To all of my friends in the United States, Happy Thanksgiving! To everyone in the rest of the world, I hope you’re having a fantastic Thursday! DriveThruRPG has launched their annual holiday sale, starting now and running through Monday. Select titles I’ve written and published under the Dancing Lights Press banner are 20% to 40% off! Now matter where you’re celebrating this year, how you’re observing the holiday, or even if you’re not doing anything special at all this weekend, I hope that you’re all safe and healthy and able to get in some great tabletop roleplaying.
(If something’s showing on the sale page but the price isn’t discounted, click though to the product page itself.)
I’m not going to cut-and-paste sales copy in here. That’s not why you read this page. You can click the link at the bottom of the post and read that, and then hopefully buy a copy.
“Good artists borrow, great artists steal.”
Steve Jobs, who stole it from painter Pablo Picasso, who swiped it from composer Igor Stravinsky, who outright ripped it off from poet T.S. Eliot
I Wrote a Thing: Hippogryph Codex
The Hippogryph Codex is a tabletop roleplaying system. I am pretentious enough that I refuse to call them games. These things aren’t about winners and losers and competition. Other people have different opinions on this, and I cheerfully encourage them to go write their own blogs and publish their own books. I am not so pretentious as to throw around phrases like “collaborative storytelling experience” with a straight face, even if that is a far more accurate assessment of what tabletop roleplaying is: making up stories with your friends, with a little bit of structure to help you along.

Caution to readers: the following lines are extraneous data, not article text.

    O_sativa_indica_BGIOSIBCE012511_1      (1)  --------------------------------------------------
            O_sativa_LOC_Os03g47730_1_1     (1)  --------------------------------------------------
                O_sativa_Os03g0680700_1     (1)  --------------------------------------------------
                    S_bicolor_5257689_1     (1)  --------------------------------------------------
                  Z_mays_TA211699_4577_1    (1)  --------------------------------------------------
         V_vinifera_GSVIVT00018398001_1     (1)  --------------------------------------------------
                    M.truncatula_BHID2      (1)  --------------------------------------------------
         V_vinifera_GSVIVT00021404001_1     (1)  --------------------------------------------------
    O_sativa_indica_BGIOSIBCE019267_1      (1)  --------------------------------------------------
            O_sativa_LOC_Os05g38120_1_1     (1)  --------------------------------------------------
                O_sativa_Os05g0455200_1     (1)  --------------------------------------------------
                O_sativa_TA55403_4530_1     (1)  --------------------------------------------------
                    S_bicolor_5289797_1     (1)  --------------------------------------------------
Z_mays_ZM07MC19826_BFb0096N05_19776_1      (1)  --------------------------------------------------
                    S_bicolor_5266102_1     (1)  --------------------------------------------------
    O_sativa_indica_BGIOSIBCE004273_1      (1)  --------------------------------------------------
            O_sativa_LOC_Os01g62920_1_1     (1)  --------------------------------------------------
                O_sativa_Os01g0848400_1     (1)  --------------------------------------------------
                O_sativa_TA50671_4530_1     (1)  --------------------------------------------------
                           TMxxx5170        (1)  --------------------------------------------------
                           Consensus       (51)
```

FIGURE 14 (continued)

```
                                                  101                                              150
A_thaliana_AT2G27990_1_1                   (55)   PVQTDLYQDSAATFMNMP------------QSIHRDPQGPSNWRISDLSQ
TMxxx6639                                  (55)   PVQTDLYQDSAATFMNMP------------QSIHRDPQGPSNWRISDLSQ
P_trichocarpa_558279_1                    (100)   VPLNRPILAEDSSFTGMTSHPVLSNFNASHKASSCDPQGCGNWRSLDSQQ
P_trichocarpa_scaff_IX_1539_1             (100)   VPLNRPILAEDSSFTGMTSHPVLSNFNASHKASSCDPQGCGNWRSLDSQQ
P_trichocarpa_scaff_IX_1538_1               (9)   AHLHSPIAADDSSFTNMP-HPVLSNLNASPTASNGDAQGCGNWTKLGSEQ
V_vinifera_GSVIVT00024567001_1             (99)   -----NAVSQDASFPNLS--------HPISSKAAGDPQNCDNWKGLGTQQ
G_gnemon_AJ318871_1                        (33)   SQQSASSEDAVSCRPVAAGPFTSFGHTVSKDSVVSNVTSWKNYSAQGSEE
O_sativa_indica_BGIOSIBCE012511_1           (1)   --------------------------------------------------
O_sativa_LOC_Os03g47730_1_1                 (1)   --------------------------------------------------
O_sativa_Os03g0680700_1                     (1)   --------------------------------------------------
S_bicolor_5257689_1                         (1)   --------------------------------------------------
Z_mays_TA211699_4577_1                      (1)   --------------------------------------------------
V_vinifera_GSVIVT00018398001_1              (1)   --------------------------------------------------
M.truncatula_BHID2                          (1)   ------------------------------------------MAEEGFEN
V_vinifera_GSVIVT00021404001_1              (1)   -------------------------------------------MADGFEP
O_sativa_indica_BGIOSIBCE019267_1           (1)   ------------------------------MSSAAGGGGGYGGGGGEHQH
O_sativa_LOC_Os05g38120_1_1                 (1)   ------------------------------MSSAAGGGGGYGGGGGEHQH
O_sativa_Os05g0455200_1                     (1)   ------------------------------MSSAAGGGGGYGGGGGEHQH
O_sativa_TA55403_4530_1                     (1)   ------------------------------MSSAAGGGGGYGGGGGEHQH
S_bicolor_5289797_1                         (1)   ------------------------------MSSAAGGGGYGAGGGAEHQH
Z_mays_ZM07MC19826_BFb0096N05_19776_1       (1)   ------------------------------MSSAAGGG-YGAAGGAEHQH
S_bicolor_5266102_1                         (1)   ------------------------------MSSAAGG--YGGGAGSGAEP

“Immature poets imitate; mature poets steal; bad poets deface what they take, and good poets make it into something better, or at least something different. The good poet welds his theft into a whole of feeling which is unique, utterly different than that from which it is torn.”
T.S. Elliot, “Philip Massinger”, biographical essay in The Sacred Wood (1920)
Anyway, this one takes all of the familiar tropes of Dungeons & Dragons and throws them into a blender with a popular story-focused, character-centric roleplaying system called Fate. Instead of several giant, expensive hardcover books, it’s one slim 96-page volume. It was designed to be played, and cannot be used as a doorstop or murder weapon.
The strength of my thing is that while it has lists of character abilities to choose from, you can make up your own stuff too. Creating new things, from classes to spells to magic items to monsters, is quick and easy. Here endeth the selling points. I wrote a thing. The Hippogryph Codex. Buy a copy. Tell your friends.
There are approximately 92,955,807 monster books in the tabletop roleplaying ecosystem. That’s one for every mile between the Earth and the sun. Spacing them apart like that is the only way to make it feel like there’s not a glut. A lot of other books offer up advice on how to crunch numbers for the system of your choice to create new monsters. The last thing I wanted to do was write another monster book. So I didn’t.
“The best monsters are our anxieties given form. They make sense on the level of a dream – or a nightmare.”
Building Monsters is actually about creating villains. I didn’t title it “Building Villains” because there’s a reason why so many monster books exist: they tend to sell well. You’ve got to lean into that recognition factory. It’s not a book about crunching numbers. The aim is to help you develop monsters as characters, with backgrounds, motivations, and objectives. There’s nothing scarier than a villain with a plan. We don’t need more advice on how to create mindless killing machines; that’s sort of the default position.